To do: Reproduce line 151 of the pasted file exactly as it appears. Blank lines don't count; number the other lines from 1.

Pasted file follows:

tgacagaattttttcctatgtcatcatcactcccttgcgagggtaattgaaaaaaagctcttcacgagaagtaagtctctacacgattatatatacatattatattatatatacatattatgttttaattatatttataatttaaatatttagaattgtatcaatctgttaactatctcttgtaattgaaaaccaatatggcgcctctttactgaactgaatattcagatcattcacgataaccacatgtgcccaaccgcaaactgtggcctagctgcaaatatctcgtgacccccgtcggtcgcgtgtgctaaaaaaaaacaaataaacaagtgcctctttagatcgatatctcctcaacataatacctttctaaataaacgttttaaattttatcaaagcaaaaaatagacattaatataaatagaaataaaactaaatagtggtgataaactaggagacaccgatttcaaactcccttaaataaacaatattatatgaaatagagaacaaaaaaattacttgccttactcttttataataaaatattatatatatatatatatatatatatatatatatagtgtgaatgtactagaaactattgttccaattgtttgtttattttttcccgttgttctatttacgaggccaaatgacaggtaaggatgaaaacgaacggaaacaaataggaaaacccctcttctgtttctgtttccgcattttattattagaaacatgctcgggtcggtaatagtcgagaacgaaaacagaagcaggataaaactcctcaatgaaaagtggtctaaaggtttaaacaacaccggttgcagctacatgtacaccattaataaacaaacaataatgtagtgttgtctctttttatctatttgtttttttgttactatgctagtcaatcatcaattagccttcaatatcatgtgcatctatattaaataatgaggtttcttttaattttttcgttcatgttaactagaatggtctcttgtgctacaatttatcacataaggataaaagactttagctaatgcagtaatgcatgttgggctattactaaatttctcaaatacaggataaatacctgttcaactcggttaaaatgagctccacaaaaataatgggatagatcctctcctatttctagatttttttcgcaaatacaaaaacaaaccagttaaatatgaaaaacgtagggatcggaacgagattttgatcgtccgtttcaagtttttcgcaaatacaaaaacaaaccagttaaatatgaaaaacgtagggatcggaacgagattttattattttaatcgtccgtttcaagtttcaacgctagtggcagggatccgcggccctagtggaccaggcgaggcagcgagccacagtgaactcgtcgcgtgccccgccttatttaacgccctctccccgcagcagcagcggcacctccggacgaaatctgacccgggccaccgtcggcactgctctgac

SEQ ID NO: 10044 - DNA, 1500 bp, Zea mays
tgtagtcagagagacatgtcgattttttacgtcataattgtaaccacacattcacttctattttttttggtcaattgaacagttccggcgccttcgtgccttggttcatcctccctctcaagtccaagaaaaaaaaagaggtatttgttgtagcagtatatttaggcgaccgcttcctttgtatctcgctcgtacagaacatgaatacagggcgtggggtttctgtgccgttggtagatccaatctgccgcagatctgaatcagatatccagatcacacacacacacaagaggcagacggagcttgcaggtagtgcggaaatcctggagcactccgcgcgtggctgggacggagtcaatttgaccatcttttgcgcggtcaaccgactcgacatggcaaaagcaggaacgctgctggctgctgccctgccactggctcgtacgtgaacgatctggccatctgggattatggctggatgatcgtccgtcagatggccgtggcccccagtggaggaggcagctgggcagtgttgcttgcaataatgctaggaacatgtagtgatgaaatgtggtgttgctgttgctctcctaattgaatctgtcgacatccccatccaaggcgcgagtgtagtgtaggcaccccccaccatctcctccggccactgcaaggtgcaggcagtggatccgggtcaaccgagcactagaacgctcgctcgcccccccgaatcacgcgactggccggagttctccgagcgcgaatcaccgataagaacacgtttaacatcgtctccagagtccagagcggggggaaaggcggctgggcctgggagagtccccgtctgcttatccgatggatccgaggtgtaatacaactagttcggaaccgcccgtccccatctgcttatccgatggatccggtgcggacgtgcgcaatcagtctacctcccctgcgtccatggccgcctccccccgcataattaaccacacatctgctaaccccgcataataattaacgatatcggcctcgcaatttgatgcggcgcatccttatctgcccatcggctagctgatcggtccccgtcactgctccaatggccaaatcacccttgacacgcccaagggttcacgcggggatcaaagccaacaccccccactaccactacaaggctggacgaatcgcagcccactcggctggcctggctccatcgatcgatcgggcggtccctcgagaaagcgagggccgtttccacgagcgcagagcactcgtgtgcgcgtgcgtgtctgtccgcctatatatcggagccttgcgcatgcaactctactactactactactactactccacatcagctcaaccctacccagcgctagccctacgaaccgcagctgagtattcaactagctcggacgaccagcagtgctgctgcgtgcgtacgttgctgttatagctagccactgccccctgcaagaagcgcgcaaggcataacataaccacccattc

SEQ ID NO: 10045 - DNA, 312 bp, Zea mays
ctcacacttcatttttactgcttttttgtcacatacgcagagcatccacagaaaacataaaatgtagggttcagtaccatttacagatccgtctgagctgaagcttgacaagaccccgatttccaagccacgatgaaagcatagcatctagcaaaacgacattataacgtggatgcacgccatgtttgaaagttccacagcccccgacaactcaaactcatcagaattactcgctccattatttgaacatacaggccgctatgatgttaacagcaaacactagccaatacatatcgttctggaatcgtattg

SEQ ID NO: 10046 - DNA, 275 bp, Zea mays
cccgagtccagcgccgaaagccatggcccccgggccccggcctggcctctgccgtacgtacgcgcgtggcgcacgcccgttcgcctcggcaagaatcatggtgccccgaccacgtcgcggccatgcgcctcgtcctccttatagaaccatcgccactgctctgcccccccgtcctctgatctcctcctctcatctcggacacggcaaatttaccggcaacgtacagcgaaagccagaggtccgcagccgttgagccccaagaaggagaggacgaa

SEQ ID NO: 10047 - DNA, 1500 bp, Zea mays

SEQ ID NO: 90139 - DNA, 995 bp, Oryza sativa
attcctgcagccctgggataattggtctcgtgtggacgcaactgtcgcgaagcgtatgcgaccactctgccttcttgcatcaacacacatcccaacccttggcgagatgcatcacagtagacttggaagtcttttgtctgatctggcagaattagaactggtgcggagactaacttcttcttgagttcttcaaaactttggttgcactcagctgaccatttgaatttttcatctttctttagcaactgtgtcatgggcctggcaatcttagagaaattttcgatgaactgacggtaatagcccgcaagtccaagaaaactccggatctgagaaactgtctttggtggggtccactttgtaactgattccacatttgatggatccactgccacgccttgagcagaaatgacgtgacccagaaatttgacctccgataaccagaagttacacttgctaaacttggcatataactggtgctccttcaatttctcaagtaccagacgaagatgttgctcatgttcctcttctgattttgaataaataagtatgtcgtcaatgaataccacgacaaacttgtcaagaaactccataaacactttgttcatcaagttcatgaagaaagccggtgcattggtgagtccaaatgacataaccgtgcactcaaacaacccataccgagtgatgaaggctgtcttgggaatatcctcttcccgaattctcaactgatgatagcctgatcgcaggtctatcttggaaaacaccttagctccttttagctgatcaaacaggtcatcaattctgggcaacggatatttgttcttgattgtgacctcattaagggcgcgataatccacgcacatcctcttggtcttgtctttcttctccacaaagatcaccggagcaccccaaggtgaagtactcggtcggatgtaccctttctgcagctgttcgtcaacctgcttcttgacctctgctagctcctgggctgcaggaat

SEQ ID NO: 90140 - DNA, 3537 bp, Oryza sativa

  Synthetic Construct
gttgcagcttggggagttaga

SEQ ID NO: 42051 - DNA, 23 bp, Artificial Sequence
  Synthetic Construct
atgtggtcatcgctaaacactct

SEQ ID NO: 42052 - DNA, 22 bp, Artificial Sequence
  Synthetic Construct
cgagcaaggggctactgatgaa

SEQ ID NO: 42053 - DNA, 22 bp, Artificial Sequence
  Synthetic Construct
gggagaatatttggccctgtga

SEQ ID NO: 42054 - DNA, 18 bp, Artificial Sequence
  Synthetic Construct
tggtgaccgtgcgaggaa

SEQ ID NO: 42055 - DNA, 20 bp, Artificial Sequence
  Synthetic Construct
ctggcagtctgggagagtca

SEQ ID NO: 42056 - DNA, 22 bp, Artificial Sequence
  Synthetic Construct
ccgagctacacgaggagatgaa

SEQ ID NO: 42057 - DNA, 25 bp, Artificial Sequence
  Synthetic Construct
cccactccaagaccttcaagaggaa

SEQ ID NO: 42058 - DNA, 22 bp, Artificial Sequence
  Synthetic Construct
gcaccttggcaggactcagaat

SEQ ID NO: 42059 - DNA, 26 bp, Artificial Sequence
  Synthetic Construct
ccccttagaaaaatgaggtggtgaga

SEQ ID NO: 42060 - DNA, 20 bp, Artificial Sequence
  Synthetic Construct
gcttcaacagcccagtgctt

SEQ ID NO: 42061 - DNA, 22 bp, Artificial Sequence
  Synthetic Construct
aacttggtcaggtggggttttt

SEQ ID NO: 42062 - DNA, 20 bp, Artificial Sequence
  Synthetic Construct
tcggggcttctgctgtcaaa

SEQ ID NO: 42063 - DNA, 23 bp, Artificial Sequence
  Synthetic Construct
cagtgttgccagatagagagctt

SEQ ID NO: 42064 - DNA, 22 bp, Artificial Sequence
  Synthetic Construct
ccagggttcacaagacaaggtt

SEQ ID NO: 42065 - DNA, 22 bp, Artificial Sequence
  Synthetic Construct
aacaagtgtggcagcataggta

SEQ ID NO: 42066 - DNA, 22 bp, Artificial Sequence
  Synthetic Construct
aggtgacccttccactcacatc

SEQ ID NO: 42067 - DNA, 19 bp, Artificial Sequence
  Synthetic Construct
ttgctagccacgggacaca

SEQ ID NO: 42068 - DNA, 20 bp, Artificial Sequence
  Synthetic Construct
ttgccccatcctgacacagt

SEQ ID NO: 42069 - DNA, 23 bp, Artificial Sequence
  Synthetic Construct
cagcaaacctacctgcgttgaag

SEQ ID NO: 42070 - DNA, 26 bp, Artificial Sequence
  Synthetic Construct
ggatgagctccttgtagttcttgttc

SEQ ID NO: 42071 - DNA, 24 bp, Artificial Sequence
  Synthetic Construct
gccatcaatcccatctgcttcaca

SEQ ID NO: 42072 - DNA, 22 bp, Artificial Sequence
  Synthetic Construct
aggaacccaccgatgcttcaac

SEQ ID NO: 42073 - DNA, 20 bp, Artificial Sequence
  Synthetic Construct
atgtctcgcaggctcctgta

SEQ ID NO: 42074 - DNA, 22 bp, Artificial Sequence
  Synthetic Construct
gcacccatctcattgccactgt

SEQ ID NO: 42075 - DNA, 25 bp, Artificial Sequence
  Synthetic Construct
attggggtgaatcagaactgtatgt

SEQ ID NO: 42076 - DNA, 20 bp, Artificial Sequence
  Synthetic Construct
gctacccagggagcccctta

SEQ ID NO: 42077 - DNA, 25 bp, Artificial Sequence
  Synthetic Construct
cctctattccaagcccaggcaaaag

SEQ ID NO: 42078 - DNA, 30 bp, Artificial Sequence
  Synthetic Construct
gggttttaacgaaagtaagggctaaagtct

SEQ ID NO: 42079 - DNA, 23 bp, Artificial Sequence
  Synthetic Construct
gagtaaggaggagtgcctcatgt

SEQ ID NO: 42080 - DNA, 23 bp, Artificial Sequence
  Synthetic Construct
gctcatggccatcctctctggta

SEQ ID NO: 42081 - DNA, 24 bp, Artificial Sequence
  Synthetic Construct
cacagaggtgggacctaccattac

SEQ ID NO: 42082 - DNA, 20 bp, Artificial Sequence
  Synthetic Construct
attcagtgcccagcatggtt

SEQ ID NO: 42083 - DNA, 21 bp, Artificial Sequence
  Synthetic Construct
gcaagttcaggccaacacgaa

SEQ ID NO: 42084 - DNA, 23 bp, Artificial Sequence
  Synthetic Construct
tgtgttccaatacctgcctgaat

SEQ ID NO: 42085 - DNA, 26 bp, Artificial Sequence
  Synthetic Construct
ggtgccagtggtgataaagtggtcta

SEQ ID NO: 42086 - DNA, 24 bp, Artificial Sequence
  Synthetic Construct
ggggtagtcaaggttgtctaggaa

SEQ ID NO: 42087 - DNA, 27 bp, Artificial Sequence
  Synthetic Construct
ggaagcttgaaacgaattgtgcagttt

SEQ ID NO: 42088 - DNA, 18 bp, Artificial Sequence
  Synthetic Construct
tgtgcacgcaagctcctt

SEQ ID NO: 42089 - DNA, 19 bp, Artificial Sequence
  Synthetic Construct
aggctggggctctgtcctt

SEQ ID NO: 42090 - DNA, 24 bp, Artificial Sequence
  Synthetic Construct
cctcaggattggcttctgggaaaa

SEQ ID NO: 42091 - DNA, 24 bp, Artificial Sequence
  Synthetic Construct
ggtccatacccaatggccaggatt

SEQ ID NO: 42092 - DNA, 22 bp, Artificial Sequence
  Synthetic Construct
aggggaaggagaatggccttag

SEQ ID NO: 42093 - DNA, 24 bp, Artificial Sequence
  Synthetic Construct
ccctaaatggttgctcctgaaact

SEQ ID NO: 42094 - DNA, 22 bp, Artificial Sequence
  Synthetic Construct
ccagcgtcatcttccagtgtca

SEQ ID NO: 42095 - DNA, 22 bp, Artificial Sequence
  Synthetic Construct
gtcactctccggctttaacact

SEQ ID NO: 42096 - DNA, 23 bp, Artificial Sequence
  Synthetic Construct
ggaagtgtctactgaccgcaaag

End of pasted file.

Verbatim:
ggaagtgtctactgaccgcaaag